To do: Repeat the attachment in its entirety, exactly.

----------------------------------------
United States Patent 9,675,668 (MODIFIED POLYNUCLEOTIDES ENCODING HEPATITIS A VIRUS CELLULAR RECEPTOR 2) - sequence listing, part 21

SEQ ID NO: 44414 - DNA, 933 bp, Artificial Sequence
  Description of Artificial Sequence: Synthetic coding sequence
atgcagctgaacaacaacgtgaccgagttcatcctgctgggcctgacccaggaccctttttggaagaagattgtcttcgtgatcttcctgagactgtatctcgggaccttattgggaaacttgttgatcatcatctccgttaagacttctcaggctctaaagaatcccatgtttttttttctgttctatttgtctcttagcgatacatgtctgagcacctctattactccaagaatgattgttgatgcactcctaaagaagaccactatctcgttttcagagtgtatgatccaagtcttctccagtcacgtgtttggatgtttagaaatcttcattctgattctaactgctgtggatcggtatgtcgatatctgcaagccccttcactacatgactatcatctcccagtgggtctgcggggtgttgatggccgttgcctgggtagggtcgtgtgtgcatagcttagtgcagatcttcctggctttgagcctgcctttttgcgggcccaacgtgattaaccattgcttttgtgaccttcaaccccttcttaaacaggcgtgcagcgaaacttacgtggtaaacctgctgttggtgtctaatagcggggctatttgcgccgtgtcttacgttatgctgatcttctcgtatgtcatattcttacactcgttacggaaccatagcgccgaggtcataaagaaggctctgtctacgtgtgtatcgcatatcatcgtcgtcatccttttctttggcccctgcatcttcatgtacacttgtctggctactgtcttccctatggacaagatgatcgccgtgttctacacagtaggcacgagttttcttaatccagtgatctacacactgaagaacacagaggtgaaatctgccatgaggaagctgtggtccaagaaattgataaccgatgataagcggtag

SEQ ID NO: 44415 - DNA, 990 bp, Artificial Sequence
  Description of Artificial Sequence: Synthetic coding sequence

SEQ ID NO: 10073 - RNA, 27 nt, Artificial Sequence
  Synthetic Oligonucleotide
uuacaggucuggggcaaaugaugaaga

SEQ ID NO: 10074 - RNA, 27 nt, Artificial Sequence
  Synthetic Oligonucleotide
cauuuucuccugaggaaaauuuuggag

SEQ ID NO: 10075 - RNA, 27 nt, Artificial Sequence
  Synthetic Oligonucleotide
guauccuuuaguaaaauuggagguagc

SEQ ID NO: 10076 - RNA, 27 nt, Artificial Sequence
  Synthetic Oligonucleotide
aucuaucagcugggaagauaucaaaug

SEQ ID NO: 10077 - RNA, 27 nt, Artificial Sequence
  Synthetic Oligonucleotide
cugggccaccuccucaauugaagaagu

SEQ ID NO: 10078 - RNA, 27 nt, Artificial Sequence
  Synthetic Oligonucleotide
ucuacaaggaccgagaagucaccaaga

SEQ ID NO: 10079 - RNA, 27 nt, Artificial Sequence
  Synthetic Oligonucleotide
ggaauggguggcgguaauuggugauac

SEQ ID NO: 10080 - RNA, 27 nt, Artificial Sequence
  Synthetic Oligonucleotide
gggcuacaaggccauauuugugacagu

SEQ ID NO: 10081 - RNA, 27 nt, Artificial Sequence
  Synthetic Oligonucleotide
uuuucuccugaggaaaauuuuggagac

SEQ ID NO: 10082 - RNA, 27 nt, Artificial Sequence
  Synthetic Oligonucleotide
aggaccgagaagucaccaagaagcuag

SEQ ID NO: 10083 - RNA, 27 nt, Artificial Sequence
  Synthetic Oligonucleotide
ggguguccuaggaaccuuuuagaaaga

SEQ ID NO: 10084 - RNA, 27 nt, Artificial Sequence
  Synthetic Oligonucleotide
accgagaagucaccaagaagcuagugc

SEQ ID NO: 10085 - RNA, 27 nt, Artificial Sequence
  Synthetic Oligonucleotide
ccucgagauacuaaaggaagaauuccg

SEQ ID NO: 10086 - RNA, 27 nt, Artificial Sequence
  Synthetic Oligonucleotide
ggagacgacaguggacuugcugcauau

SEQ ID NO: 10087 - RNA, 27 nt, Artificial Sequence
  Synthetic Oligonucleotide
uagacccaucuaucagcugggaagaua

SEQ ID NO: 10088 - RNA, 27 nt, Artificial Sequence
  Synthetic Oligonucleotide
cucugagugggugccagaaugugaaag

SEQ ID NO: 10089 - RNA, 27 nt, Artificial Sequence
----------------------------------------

United States Patent 9,675,668 (MODIFIED POLYNUCLEOTIDES ENCODING HEPATITIS A VIRUS CELLULAR RECEPTOR 2) - sequence listing, part 21

SEQ ID NO: 44414 - DNA, 933 bp, Artificial Sequence
  Description of Artificial Sequence: Synthetic coding sequence
atgcagctgaacaacaacgtgaccgagttcatcctgctgggcctgacccaggaccctttttggaagaagattgtcttcgtgatcttcctgagactgtatctcgggaccttattgggaaacttgttgatcatcatctccgttaagacttctcaggctctaaagaatcccatgtttttttttctgttctatttgtctcttagcgatacatgtctgagcacctctattactccaagaatgattgttgatgcactcctaaagaagaccactatctcgttttcagagtgtatgatccaagtcttctccagtcacgtgtttggatgtttagaaatcttcattctgattctaactgctgtggatcggtatgtcgatatctgcaagccccttcactacatgactatcatctcccagtgggtctgcggggtgttgatggccgttgcctgggtagggtcgtgtgtgcatagcttagtgcagatcttcctggctttgagcctgcctttttgcgggcccaacgtgattaaccattgcttttgtgaccttcaaccccttcttaaacaggcgtgcagcgaaacttacgtggtaaacctgctgttggtgtctaatagcggggctatttgcgccgtgtcttacgttatgctgatcttctcgtatgtcatattcttacactcgttacggaaccatagcgccgaggtcataaagaaggctctgtctacgtgtgtatcgcatatcatcgtcgtcatccttttctttggcccctgcatcttcatgtacacttgtctggctactgtcttccctatggacaagatgatcgccgtgttctacacagtaggcacgagttttcttaatccagtgatctacacactgaagaacacagaggtgaaatctgccatgaggaagctgtggtccaagaaattgataaccgatgataagcggtag

SEQ ID NO: 44415 - DNA, 990 bp, Artificial Sequence
  Description of Artificial Sequence: Synthetic coding sequence

SEQ ID NO: 10073 - RNA, 27 nt, Artificial Sequence
  Synthetic Oligonucleotide
uuacaggucuggggcaaaugaugaaga

SEQ ID NO: 10074 - RNA, 27 nt, Artificial Sequence
  Synthetic Oligonucleotide
cauuuucuccugaggaaaauuuuggag

SEQ ID NO: 10075 - RNA, 27 nt, Artificial Sequence
  Synthetic Oligonucleotide
guauccuuuaguaaaauuggagguagc

SEQ ID NO: 10076 - RNA, 27 nt, Artificial Sequence
  Synthetic Oligonucleotide
aucuaucagcugggaagauaucaaaug

SEQ ID NO: 10077 - RNA, 27 nt, Artificial Sequence
  Synthetic Oligonucleotide
cugggccaccuccucaauugaagaagu

SEQ ID NO: 10078 - RNA, 27 nt, Artificial Sequence
  Synthetic Oligonucleotide
ucuacaaggaccgagaagucaccaaga

SEQ ID NO: 10079 - RNA, 27 nt, Artificial Sequence
  Synthetic Oligonucleotide
ggaauggguggcgguaauuggugauac

SEQ ID NO: 10080 - RNA, 27 nt, Artificial Sequence
  Synthetic Oligonucleotide
gggcuacaaggccauauuugugacagu

SEQ ID NO: 10081 - RNA, 27 nt, Artificial Sequence
  Synthetic Oligonucleotide
uuuucuccugaggaaaauuuuggagac

SEQ ID NO: 10082 - RNA, 27 nt, Artificial Sequence
  Synthetic Oligonucleotide
aggaccgagaagucaccaagaagcuag

SEQ ID NO: 10083 - RNA, 27 nt, Artificial Sequence
  Synthetic Oligonucleotide
ggguguccuaggaaccuuuuagaaaga

SEQ ID NO: 10084 - RNA, 27 nt, Artificial Sequence
  Synthetic Oligonucleotide
accgagaagucaccaagaagcuagugc

SEQ ID NO: 10085 - RNA, 27 nt, Artificial Sequence
  Synthetic Oligonucleotide
ccucgagauacuaaaggaagaauuccg

SEQ ID NO: 10086 - RNA, 27 nt, Artificial Sequence
  Synthetic Oligonucleotide
ggagacgacaguggacuugcugcauau

SEQ ID NO: 10087 - RNA, 27 nt, Artificial Sequence
  Synthetic Oligonucleotide
uagacccaucuaucagcugggaagaua

SEQ ID NO: 10088 - RNA, 27 nt, Artificial Sequence
  Synthetic Oligonucleotide
cucugagugggugccagaaugugaaag

SEQ ID NO: 10089 - RNA, 27 nt, Artificial Sequence